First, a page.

That’s what all school should do: teach kids what learning is for. The learning proper they can do themselves just fine.

  • Charles said,

    This just doesn’t add up. Then again, maybe I’m a bit rusty 🙂

  • Noah Donnelly said,

    Speaking from a student’s point of view, I can say that since I started programminhg, I’ve started to work harder in my maths classes, and enjoy them so much more. I can now understand, at least a little bit, why my teacher says she loves maths. I’m constantly confused as to why programming isn’t part of the curriculum, even in IT classes.

  • McTeddy said,

    Just in case anyone reading here sucks at math… don’t worry!

    I’ve struggled through every math course I’ve ever taken. I was constantly reminded as a child that I would never be able to make video games because I almost failed Algebra. Words like “Computer programming is all math” scare the **** of me to this day.

    But here I am, a shipped video game developer whose done everything from physics engines to Artificial intelligence. I do use math everyday, but it’s different.

    I use mathematical logic and processes far more than actual math. It’s far more important that you understand why we use the math and how it works than being able to solve the equation yourself.

    Sure… everything would be easier if I had some math talents, but if I can program ANYONE can.

    Don’t let this math stuff scare you away!

  • Albert1 said,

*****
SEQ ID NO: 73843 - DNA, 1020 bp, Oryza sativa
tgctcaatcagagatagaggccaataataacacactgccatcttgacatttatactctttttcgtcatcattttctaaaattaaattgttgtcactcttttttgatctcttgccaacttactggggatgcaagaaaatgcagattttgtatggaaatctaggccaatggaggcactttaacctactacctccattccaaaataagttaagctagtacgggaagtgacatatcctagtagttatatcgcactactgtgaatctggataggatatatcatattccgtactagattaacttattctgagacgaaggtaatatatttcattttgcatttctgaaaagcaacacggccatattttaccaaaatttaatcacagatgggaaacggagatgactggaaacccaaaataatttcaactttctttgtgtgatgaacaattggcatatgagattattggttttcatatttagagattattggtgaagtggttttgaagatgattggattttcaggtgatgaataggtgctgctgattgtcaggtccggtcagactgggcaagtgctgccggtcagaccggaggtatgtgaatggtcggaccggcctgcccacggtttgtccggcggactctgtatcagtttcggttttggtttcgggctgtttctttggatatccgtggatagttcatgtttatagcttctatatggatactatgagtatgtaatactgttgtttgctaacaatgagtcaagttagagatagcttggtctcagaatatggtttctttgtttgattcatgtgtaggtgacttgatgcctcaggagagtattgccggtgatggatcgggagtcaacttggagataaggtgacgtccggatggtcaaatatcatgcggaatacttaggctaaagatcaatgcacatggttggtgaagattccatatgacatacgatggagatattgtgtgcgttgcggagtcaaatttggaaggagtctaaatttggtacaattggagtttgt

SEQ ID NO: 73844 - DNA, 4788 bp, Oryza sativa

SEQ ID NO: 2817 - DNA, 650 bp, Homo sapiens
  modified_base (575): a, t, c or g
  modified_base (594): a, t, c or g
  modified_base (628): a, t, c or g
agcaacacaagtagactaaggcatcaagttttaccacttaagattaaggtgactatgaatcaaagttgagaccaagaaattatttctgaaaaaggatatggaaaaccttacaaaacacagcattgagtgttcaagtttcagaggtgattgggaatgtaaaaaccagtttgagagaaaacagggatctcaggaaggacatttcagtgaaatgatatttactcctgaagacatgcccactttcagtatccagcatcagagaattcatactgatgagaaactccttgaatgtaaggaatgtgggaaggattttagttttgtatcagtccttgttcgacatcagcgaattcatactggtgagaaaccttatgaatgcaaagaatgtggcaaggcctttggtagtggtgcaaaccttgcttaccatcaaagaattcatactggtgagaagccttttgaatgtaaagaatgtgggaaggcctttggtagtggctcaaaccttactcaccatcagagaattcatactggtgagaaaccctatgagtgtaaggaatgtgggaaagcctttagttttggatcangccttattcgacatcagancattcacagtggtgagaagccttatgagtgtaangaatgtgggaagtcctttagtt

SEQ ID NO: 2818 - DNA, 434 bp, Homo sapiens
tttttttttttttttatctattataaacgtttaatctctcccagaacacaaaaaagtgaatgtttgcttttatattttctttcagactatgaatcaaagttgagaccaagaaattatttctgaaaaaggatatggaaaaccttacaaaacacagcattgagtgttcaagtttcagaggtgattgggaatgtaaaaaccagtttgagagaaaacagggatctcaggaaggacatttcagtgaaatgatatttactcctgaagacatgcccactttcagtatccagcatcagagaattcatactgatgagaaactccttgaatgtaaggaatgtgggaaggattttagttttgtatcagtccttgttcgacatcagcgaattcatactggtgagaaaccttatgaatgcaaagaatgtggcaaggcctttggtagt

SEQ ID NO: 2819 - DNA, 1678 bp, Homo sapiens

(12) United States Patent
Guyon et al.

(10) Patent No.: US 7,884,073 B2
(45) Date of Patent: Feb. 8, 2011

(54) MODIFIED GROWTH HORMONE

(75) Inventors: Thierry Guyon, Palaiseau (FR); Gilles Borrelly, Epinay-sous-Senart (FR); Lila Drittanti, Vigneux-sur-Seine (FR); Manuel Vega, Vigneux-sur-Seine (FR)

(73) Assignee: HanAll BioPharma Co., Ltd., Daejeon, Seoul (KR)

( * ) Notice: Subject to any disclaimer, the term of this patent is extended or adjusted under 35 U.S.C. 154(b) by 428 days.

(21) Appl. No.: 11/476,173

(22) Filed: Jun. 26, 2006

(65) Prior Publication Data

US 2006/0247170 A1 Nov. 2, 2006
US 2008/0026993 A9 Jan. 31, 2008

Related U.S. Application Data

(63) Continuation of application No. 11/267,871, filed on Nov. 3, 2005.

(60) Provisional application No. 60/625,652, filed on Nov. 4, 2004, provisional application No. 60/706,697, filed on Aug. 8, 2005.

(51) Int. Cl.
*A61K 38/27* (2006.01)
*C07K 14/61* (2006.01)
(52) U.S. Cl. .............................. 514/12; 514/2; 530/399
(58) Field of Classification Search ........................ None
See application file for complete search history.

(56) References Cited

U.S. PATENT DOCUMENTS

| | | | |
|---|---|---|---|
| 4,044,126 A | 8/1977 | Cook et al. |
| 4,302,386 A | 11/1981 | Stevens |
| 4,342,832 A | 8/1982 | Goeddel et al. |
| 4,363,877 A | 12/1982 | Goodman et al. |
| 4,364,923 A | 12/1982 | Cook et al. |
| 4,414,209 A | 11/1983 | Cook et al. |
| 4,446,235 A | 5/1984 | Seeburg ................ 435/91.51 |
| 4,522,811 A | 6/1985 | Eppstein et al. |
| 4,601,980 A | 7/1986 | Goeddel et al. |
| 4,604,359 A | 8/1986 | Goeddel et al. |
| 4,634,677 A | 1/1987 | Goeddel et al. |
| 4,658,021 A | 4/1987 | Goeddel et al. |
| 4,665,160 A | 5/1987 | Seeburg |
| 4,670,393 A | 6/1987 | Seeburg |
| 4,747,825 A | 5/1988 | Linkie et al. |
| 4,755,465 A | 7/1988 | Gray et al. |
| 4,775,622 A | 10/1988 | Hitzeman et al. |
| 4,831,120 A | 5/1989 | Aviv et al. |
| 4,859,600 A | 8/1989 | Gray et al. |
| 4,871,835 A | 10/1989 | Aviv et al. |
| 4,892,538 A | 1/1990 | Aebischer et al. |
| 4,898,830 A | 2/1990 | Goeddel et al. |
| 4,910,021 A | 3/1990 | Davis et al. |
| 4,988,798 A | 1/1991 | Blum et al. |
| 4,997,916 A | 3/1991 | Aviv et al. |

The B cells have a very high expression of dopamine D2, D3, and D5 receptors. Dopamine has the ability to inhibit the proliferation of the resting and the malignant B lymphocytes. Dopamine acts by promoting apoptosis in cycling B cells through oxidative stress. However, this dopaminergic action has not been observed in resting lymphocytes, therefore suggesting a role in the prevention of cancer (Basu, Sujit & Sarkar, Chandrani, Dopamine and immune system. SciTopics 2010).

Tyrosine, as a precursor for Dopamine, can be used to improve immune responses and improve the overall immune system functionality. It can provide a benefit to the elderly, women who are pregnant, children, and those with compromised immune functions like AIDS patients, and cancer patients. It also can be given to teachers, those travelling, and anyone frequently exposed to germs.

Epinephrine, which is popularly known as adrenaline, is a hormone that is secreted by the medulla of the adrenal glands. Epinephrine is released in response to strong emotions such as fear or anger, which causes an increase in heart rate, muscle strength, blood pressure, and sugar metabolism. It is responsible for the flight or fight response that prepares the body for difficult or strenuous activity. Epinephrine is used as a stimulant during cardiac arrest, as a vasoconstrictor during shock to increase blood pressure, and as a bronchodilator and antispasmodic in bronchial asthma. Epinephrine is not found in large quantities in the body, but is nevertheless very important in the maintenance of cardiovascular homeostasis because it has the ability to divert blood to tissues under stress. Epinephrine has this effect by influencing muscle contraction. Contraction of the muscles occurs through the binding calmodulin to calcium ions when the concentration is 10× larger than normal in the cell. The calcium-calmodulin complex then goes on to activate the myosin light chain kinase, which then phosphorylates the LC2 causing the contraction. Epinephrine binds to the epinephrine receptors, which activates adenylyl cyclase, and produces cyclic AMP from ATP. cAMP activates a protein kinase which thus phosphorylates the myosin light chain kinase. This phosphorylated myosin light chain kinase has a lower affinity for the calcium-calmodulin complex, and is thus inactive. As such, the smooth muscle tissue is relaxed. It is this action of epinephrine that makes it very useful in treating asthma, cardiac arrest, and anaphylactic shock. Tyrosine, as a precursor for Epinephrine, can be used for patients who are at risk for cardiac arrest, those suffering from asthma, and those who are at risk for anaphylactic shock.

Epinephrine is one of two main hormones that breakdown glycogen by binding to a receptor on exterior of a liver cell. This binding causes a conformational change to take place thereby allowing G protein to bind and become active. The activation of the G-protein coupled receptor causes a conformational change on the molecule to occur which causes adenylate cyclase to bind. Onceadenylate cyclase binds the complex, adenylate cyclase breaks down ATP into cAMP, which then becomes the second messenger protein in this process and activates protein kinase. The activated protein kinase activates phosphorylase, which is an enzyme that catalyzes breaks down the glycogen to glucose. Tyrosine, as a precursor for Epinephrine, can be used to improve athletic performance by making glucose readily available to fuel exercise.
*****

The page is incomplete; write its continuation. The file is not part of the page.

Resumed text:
Programming is math… I agree. The problem, in my opinion, is that while the best programmers are very good at applying math, very few of them really have a true mathematical mindset! The divorce of CS from math caused lot of damage: what most programmers mean when speaking of abstraction – the Holy Grail in our field – has very little to do with the abstraction math succesfully delivered, for centuries, to hard&soft sciences. Game and simulation developers are very proud of modeling “real” worlds, yet they take the opposite direction than, say, an engineer. As far as I know, in every field systems are modeled breaking ’em down to known mathematical relations, then, and only then, if the phenomena observed are truly new, new concepts come in to play. In short: what OOP purists call abstraction is quite the opposite: going from abstract to a multitude of special cases. Even component-based entities are, in my humble opinion, unsatisfying. I think that, to support mathematical abstraction, a language should have the following features:
    – extensive array programming
    – builtin linear system, matrices, etc.
    – goal-directed evaluation a la Icon
    – pattern matching
    It’s quite difficult for the aforementioned features to make their way in C++, just to name a popular language in game development.

  • Yoel said,

    I hated word problems. I could never figure out what was what or what to do with it. They would infuriate me and threaten, over the course of far longer than I was intended to spend on them, to drive me to tears.

    I love programming.

    What the heck is wrong with me?